using music

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‘Music helps you to relax and to learn. It soothes you so that you can use your brain and think deep thoughts.’ Paul, age10

 

‘Music can make me lively!’  Darjit, age 6

 

Music has been shown in numerous studies around the world to have a remarkable impact upon learning. Studies have shown that music can significantly aid academic performance. Learning to play instruments, to recognize rhythm and to read music has been proved to enhance academic performance. Music can be used for specific purposes, such as Don Campbell describes in his book, ‘The Mozart Effect.’ He tells how children have overcome specific difficulties through practicing reading with a metronome on 60 beats per minute. More relevant, perhaps, to teachers in the classroom, is the fact that music can be used to alter or enhance mood, to demarcate time on task, to energize, to aid relaxation or visualization, or to commit facts to memory.

 

Nicola recalls vividly her first experiment with music in the classroom. It still sends shivers down her spine! “I taught a nursery class in Inner London. The four-year-olds used to stay for lunch, which we ate together in the nursery,  next to the kitchens. After a few days, I hit upon the idea of using music to create a calmer mood. My nursery assistant was keen on the idea, and came into school the next day with a cassette that belonged to her husband. We put the cassette on and watched in amazement as the opening strains of music soothed our normally excitable nursery children. It was wonderful - for about five minutes.

 

Then the music started to pick up pace and volume. The children became more and more excited, and by the time dessert arrived, they were leaping around in their seats and the chocolate pudding was flying! At that point, the Principal  walked in. There I was, in my first week of teaching, almost losing control of twenty four-year-olds.  It was horrendous. Fortunately, the Principal was a musician, and supplied me the next day with several more suitable cassettes. I can look back on that incident now and know that at least my instinct was right, music can have an enormous impact upon children’s mood and behavior.”

 

To help you to avoid making this sort of mistake, in ‘The ALPS Approach,’ Nicola and Alistair list music selections under headings that will enable teachers to make the right choice for each occasion. There are further suggestions in 'The ALPS Approach Resource Book', and here are a few additional suggestions:

 

To energize:

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Genesis. Turn it on again, from Three Sides Live

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Eric Clapton. Swing Low Sweet Chariot, from Cream of Clapton

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James Brown. I Feel Good, from I Feel Good

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Vivaldi. Mandoline Concerto (Kramer Vs Kramer)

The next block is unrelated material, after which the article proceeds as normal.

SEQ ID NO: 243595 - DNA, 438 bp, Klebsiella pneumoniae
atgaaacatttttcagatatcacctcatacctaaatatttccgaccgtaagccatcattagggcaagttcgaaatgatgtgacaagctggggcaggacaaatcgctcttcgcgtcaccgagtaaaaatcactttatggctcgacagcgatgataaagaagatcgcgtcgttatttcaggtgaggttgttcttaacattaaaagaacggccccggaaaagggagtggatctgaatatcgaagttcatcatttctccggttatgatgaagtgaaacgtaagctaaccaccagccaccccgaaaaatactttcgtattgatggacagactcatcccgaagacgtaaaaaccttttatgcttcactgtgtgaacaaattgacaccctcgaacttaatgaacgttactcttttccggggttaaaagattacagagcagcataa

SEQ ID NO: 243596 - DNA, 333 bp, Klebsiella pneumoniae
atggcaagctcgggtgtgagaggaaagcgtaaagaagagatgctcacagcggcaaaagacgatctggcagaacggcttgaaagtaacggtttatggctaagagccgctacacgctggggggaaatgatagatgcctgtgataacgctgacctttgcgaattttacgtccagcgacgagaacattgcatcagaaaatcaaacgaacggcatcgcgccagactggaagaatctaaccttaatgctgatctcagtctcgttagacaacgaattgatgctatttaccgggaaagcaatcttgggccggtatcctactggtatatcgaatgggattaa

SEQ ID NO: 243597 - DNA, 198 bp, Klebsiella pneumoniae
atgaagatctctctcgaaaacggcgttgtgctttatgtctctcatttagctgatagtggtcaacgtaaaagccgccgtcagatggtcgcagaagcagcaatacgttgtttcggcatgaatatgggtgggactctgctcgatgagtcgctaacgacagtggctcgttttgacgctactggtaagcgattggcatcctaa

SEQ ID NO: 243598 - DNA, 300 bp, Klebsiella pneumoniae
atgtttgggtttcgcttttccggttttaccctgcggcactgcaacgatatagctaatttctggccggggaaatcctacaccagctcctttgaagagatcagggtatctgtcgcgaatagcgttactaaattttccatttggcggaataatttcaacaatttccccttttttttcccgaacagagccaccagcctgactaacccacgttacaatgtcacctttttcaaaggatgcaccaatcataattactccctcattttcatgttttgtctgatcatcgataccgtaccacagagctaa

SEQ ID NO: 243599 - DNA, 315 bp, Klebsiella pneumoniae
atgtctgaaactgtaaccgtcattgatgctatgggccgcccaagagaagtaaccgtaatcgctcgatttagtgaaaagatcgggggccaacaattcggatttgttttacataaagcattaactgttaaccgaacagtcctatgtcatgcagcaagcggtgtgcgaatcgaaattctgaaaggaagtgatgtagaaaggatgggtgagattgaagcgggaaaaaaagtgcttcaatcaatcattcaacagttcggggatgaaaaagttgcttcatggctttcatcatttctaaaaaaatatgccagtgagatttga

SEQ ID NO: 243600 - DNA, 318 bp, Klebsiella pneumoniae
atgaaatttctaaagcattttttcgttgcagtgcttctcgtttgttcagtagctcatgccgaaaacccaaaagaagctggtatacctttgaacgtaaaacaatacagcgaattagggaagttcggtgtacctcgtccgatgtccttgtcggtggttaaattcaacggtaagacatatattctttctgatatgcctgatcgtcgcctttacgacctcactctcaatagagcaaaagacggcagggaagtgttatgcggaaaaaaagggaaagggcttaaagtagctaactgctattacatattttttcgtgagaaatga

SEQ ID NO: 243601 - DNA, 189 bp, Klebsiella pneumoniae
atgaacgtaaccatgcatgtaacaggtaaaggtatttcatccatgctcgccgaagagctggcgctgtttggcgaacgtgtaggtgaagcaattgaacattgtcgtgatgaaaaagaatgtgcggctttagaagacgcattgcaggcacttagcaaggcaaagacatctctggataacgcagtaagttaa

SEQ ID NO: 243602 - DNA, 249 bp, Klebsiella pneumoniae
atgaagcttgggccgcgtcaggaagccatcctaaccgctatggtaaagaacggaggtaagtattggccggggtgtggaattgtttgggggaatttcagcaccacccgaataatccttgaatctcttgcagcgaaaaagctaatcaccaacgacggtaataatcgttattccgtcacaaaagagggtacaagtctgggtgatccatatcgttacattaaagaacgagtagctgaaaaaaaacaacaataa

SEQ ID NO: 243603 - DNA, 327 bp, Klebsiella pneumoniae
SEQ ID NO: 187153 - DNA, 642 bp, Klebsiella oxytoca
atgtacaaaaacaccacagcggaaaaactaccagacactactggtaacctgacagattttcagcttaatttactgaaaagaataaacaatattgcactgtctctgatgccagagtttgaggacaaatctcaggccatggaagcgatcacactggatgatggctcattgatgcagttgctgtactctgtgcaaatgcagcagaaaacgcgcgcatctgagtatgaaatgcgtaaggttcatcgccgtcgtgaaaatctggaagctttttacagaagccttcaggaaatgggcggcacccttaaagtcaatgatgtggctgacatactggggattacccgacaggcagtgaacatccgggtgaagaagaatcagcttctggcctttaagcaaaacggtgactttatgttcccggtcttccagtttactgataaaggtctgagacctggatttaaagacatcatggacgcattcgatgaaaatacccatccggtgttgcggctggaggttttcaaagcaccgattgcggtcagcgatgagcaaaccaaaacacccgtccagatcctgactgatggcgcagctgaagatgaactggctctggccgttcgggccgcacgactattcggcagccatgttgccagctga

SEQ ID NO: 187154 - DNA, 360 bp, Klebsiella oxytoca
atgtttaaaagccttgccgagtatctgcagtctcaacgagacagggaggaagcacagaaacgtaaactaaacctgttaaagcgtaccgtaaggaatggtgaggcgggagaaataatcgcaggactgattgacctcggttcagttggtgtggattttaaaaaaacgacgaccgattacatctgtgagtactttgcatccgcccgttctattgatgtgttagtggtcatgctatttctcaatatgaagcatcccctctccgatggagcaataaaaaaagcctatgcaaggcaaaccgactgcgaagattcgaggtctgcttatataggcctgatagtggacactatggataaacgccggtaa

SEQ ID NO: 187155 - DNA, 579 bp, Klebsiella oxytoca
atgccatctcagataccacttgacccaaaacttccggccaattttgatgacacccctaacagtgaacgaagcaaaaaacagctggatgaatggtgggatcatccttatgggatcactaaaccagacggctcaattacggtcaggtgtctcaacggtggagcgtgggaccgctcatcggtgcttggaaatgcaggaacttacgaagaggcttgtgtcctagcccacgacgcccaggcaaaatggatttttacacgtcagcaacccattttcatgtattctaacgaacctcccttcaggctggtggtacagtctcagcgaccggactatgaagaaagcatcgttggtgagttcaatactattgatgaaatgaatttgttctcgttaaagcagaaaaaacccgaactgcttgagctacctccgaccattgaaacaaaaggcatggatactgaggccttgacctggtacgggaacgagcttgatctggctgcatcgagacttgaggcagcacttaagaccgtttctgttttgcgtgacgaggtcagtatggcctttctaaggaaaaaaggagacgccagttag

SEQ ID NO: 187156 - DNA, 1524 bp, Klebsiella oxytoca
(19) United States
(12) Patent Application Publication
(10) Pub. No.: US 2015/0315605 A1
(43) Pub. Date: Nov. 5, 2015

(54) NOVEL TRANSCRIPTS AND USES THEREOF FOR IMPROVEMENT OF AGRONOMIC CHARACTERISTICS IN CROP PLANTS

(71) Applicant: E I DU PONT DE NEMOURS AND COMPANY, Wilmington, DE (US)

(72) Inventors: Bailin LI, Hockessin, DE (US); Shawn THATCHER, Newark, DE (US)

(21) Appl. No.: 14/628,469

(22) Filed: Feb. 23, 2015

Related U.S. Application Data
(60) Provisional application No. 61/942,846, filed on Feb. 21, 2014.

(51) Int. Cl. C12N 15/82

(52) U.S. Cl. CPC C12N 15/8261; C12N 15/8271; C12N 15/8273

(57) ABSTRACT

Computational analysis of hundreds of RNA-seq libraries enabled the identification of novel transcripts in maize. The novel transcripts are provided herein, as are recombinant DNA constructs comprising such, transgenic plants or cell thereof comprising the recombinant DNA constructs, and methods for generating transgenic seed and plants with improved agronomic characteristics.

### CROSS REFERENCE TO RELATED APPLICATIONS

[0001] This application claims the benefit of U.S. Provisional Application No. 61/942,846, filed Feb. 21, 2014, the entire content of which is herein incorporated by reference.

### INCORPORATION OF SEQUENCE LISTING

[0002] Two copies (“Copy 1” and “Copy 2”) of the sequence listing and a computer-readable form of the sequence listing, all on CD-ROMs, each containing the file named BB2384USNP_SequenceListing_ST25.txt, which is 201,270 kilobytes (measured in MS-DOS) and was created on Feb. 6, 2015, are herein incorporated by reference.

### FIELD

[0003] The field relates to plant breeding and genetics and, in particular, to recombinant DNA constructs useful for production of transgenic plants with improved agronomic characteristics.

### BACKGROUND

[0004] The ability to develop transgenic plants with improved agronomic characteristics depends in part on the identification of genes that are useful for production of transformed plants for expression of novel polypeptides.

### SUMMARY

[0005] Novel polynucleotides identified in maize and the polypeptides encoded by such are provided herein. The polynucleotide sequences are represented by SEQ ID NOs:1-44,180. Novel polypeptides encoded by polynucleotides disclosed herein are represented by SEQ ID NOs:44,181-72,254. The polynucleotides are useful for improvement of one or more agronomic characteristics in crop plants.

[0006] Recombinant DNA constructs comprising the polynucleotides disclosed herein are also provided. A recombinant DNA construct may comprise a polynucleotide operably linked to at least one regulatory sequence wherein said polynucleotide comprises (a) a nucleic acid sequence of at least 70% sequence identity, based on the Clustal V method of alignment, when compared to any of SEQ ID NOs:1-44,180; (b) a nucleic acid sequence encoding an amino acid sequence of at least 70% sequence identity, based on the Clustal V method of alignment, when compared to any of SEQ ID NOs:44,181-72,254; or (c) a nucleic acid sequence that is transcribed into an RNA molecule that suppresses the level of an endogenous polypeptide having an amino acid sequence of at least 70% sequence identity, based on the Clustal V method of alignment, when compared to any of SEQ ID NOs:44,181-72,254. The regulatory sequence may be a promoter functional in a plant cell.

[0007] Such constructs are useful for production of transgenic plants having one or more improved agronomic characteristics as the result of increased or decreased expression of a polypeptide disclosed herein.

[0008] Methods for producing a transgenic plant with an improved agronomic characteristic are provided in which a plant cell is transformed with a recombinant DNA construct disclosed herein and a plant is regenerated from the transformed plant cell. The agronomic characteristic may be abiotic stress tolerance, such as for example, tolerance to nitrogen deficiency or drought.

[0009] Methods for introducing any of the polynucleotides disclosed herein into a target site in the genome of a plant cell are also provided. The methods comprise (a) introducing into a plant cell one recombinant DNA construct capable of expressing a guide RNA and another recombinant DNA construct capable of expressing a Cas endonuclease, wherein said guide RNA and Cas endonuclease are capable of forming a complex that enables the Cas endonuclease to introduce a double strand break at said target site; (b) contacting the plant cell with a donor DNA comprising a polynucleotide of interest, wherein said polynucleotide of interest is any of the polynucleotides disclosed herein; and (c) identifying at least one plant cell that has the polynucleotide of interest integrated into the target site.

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Pachelbel. Canon in D major

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Chopin. Fantasy Impromptu op 66 in C sharp minor

 

To authenticate a mood:

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Lighthouse Family. Lifted from Ocean Drive

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Deep Forest. Marta's Song, from Boheme

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Elton John. Funeral for a Friend, from Goodbye Yellow Brick Road

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Eric Clapton. Let it Grow, from Cream of Clapton

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Mozart. Clarinet Concerto - Adagio (Out of Africa)

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Mozart. Piano Concerto No 21

 

To demarcate time on task:

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Bruce Springsteen. Born to Run, from Greatest Hits (7 mins)

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Sister Sledge. We are Family, from We are Family

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Liszt. Dream of Love No 3 in A flat major (3 mins)

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Brahms. Waltz No 2 in A flat major op 39/15 (1-2 mins)

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Handel. Sinfonia from 'The Messiah I' (3 mins)

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Sinding. The Rustle of Spring op 32/3 (3 mins)

 

To relax:

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Annie Lennox. Why, from Diva

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Bitty Mclean. Stop this World, from Just to Let You Know

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Mike Oldfield. Tubular Bells.

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Schubert. Ave Maria

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Chopin. Etudes op 10 - No 3 in E major 'Air'

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Bach. Concerto for 2 violins and orchestra (Children of a Lesser God)

 

 

The following books are recommended for further insight into how music can be used to enhance learning:

 

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Campbell, DG, The Mozart Effect (New York; Avon Books,1997)

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Campbell, DG, The Mozart Effect for Children – Awakening Your Child’s Mind, Health and Creativity with Music, (HarperCollins Publishers Inc, 2000)

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Miles. Elizabeth, Tune Your Brain (New York; Berkley, 1997)

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Young, Susan and Glover, Joanne, Music in the Early Years, (Falmer Press, 1998)

To purchase these books, or see further lists of recommended reading, click here.

Copyright © 2013 Nicola J. Call